The following article is a newspaper clipping from an unknown newspaper
or a NSDAR publication.  The article is in the possesion of John Egnew, and donated for use on the Mariposa History and Genealogy site

James Shimer returned to Cadiz, Ohio from his first trip to California
where he married Mary Keesey in 1852.  Several years later he returned
to California bringing his wife and son by wagon train.  They settled in
Coulterville where he ran a blacksmith shop and mined.  They had five
children, three boys and two girls.
     Their son Austin was born in Cadiz. The other children, Amanda,
Frances, Arthur and George were born in Coulterville.
     Austin and his wife Clara had seven children, James who is
unmarried, Armanda who married George Dexter, Myrtle K. Clark, Norma
“Nell” who married Will Canova, Florence Metz, Edith and Alice
(Alicia).  These children are all buried in the Coulterville Cemetery.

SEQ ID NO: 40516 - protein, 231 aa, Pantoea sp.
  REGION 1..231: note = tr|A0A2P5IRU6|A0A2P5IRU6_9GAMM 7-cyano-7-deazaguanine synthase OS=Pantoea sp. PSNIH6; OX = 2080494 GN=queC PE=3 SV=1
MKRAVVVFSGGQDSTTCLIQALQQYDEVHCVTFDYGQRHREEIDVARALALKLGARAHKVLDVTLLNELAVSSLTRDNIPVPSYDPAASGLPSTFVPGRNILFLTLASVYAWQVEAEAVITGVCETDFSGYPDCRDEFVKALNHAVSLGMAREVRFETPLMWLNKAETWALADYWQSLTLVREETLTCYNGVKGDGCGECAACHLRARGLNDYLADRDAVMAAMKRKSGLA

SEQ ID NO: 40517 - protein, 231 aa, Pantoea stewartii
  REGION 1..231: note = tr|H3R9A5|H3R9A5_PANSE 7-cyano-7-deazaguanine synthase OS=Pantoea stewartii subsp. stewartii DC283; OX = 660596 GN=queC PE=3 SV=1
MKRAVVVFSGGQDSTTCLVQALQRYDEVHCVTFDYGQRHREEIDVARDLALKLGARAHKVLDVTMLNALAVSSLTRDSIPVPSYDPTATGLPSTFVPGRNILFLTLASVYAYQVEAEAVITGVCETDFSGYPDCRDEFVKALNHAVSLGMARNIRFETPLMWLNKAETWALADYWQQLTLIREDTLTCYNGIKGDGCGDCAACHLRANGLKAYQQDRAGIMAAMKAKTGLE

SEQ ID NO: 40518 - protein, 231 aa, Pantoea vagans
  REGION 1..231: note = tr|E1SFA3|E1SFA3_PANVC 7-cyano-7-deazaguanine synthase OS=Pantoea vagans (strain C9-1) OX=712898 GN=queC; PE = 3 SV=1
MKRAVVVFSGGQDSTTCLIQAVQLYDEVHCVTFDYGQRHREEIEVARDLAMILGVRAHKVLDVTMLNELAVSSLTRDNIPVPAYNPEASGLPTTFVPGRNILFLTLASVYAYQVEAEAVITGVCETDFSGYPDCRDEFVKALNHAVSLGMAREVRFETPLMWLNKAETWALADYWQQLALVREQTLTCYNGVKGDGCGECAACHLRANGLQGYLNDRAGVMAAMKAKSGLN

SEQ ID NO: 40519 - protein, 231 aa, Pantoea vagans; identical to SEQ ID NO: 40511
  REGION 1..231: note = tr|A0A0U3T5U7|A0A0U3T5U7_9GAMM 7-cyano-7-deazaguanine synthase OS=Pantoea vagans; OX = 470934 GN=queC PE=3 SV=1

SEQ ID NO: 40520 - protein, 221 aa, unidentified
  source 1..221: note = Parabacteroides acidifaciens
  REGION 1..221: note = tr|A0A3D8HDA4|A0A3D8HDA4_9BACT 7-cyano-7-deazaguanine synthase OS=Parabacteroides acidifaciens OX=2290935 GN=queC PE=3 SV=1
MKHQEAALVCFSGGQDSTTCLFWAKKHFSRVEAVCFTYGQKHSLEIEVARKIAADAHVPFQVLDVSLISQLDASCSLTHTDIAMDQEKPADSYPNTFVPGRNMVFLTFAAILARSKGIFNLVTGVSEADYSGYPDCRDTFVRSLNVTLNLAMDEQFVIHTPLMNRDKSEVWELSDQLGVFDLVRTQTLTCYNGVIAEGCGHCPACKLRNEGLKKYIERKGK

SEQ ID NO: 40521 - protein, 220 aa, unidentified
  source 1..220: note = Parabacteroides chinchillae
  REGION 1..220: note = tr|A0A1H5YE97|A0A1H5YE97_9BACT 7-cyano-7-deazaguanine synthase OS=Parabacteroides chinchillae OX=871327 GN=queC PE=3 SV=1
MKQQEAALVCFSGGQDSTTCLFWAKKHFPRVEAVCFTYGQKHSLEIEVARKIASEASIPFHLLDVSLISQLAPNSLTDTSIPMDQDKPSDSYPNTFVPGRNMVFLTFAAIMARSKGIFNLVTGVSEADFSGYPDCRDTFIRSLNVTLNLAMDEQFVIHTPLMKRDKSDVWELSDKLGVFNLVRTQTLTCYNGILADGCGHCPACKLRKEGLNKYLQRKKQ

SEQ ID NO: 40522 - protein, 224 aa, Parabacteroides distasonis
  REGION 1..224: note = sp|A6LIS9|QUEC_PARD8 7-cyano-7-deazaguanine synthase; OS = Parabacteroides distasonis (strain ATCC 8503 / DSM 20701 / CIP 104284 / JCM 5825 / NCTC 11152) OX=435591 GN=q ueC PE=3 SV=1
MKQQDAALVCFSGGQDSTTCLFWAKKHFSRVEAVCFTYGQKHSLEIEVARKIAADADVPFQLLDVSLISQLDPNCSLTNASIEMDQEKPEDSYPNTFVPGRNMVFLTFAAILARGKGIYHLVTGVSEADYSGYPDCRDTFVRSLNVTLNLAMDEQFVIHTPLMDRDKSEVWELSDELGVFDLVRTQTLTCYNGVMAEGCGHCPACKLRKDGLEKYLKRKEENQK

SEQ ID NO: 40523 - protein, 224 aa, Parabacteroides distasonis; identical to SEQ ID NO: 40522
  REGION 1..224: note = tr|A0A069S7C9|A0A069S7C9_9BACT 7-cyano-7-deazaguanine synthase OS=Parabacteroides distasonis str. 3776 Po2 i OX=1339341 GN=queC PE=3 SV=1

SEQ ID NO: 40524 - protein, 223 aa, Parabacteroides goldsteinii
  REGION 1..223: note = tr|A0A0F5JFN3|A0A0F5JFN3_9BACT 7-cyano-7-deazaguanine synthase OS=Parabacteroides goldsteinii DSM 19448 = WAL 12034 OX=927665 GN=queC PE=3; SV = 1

Armanda Shimer married James Halstead of Coulterville and Hazel
Green, a stopover on the Coulterville Road, the first wagon road to
Yosemite Valley.  They had seven children: Mary Elizabeth, Robert
Franklin, Lulu, James Shimer, Jeanette, Gertrude and August.  Mary
Elizabeth married Frank Albert Bondshu.  Two of their sons Harold and
Lowell Bondshu (third generation Californians), Harold’s son, Robert
(fourth generation) and Bill, Coby and Frank and Krista, the children of
Robert and Rachel Bondshu, (fifth generation Mariposa County) all live
in Mariposa and are descendants of this branch of the family.  Robert
Franklin Halstead who operated the power plant in Yosemite for many
years married Nellie Hope of Coulterville.  Their descendants live in
Hanford, Merced and Atwater.  U. S. Shaver and Lulu moved to Oregon.
James Shimer Halstead married Della Rouse Shimer.  He was a railroad
employee at El Portal.  Their children settled in Tuttle, Merced and
Fresno.  Jeanette Halstead married Jesse E. (unreadable).
     Frances Shimer married Frank Halstead.  They lived on a ranch near
Coulterville.  They had five children: Elmira A. Stipes, Albert, Lloyd,
Cloyd and Elsie.  They settled in Merced and LeGrande.

     Arthur Shimer married Mary Daneri of Coulterville.(See more on the Daneri family )

Their children
were (unreadable) and William J. Shimer recently retired from the
Division of Forestry.  He and his wife Grace live in Coulterville.  They
have two sons John William and Michael Arthur.  John William Shimer and
his wife, Judy and their children John Garrett and Shae Gregory live in